On my right foot, near the knuckle by my big toe, my skin forms a little bubble. It happened during the summer following my first grade year. I was playing basketball with my brother and his friends, the older guys in the neighborhood. As I drove to the hoop for a layup, I scraped my foot on the ground. When I looked down, there in the middle of the blood was a rock. I had a rock in my foot.
As luck would have it, my dad is a foot and ankle surgeon. As luck would not have it, he also was not home at the time. Instead, my brother and I sat in kitchen while he, a teenage boy, attempted to perform his own form of surgery on my foot. It consisted of him pulling the rock out with tweezers and wrapping my wound with gauze to try to stop the bleeding.
Over twenty years later, and I am still alive to tell the story. But there on my right foot, right above the knuckle, the little bump remains. The scar.
On the fleshy palm of my right hand right below my pinky, my skin has a permanent red hue. It was from a hot pot, but I didn’t know it was hot. The stove was off, and lights were off, and no one was in the kitchen. I wanted to make some Annie’s mac and cheese (white cheddar, obviously). There was a pot already on the stove, so I went to fill it with water. The handle was SCORCHING hot. I grabbed it quickly and mindlessly. I didn’t know it would still be hot. There was no indicator that it would still be hot. It took my mind a few seconds to recognize the pain as the heat and the weight of the pot blistered into my hand. By the time I registered the pain, and dropped the pot into the sink, it was too late. The burn was there, bad. The skin was red, scorched. The damage had been done.
That was 12 years ago, but a big red mark still encompasses the palm of my right hand. When it is cold outside it turns purple. The pain is gone. The burn is healed. But the scar remains.
When I was 21 -years-old, I was diagnosed with cancer.
Suddenly, scars were added to my body one after another, and unlike the scars before, these were not just scars caused by the day-to-day of life. These scars were man-made. They were caused by sharp scalpels during necessary surgeries. They cut into my chest to insert a port. They cut into my right leg to remove the tumor, along with a significant portion of my bone. They cut back into my chest to remove the port at the end of it all, a victory scar, at least for a season.
Then it returned. Then it spread to my lungs. They went back to carving. They cut a slit in my right side, right below my armpit. A slit big enough to fit a whole human hand into my body and between my ribs to then cut my lung, remove tumors- scars on my body that even I can’t see. But I know they’re there.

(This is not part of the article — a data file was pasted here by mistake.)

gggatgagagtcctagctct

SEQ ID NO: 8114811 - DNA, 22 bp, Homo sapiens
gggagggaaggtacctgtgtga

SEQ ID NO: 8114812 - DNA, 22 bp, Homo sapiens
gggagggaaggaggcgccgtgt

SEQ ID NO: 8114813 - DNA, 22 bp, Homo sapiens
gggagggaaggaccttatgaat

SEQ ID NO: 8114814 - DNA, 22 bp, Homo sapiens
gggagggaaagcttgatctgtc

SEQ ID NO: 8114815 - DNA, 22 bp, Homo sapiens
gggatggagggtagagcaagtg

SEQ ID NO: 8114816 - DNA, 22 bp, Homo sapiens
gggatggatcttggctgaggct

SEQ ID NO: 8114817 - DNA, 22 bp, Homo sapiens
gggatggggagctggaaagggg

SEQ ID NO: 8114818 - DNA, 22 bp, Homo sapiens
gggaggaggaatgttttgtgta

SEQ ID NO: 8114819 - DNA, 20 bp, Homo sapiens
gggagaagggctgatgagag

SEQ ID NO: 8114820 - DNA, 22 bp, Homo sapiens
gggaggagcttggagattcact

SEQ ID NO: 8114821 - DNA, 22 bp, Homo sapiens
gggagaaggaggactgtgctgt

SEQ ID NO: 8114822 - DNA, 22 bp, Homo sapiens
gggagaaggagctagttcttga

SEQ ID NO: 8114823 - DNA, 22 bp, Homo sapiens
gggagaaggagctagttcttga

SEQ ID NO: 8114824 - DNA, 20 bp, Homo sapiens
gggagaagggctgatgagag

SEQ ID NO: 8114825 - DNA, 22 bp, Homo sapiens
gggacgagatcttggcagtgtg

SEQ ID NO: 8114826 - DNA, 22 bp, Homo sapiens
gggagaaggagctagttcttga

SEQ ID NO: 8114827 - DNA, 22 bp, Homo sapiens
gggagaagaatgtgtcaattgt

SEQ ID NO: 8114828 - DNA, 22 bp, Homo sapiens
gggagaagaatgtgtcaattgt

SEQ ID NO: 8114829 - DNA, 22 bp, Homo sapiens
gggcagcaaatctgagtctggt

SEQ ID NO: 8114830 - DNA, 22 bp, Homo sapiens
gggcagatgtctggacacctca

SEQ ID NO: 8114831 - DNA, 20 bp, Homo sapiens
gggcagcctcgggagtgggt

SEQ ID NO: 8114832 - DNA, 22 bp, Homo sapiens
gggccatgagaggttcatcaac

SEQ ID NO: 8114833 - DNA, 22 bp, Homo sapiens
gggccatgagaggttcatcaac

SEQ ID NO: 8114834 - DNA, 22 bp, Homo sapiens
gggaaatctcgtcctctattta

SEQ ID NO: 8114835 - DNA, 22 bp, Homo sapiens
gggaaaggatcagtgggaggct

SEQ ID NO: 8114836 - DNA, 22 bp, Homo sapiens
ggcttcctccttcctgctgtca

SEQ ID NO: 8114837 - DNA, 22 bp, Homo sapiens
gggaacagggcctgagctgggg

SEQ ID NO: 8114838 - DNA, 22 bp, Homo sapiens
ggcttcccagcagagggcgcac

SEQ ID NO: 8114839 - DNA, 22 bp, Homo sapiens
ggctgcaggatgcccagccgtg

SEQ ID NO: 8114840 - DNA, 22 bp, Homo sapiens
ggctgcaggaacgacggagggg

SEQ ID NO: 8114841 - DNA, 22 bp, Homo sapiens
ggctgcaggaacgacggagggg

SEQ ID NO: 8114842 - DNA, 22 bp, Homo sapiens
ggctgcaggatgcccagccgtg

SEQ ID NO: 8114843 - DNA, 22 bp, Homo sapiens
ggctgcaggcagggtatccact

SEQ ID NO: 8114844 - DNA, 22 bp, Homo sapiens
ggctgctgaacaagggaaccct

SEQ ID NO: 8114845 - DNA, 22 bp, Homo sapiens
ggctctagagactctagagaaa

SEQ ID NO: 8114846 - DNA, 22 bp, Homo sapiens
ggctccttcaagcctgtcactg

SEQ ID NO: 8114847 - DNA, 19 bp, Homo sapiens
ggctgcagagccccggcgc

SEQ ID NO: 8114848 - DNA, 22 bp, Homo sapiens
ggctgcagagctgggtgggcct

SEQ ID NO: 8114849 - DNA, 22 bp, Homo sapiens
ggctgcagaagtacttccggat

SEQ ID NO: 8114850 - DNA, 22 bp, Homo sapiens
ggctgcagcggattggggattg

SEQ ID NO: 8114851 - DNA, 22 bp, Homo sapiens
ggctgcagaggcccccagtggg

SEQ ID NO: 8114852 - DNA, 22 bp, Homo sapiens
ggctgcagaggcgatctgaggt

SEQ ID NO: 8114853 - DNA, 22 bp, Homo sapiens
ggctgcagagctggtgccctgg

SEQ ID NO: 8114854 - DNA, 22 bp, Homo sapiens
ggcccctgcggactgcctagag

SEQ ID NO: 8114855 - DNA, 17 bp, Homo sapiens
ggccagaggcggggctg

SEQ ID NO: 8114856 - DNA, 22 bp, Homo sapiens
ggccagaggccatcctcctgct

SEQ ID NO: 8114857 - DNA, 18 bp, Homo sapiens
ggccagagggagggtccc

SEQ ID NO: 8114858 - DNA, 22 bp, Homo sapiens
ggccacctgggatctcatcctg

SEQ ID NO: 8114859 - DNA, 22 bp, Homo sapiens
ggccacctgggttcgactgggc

There are plenty of more scars on my body. Cancer has a way of turning you into a butcher block, a science experiment.
But each of these scars from first grade until now, they are all apart of my story, and they all tell a part of my story.
At one time, each of these scars were open wounds and continuous pains. They lingered and throbbed, and they made themselves known to me at every hour of every day. Each had their own unique pain in my life and their own unique process of healing.
My foot took weeks to heal. The process involved me constantly picking at the scab.
My hand took months to heal. The process involved oozing.
The port placement and removal took a couple of weeks to heal. The process involved stitches dissolving under my skin.
My knee surgery took months to heal. The process involved a brace to hold my knee straight and stiff for six whole weeks.
My lung surgery took months to heal. The process involved teaching my lungs how to expand again.
Every scar is different, every pain is different, and unfortunately enduring one injury, one type of pain, will never protect or prepare you for the next.
And this current pain, this open wound of a season full of prognoses, and side effects, and fear… it hurts. I can’t sugar coat it. It is a constant throbbing of my body and a constant aching in my heart.
But I know that one day, this open, ugly, constant pain will become a little more closed, a little less ugly, and a whole lot less constant. I believe that one day, this pain, this season will be a scar.
I don’t know when this scar is going to form. I don’t know what that process will look like. I don’t know if there will be oozing or reopening. I don’t know if the skin will mend together over night, if one day, I’ll just look back and notice that this open wound is now nothing but a red hue on my life.
But no matter the process, or timing, I believe healing will happen.
I believe this season, this wound will one day be nothing more than another scar. A big one, one that defines the rest of my life, but a scar nonetheless.
People can be so ashamed of their scars. People try to hide them and cover them. People don’t want to have to explain them time and time again. For a while I was one of these people. But now, I have not only accepted my scars, but I have embraced them.
Scars are just stories of healing. Scars are the stories of the things we overcome. Scars are the picture of how God redeems, restores, and rebuilds.
One day, this wound will be a scar. I look forward to telling that story.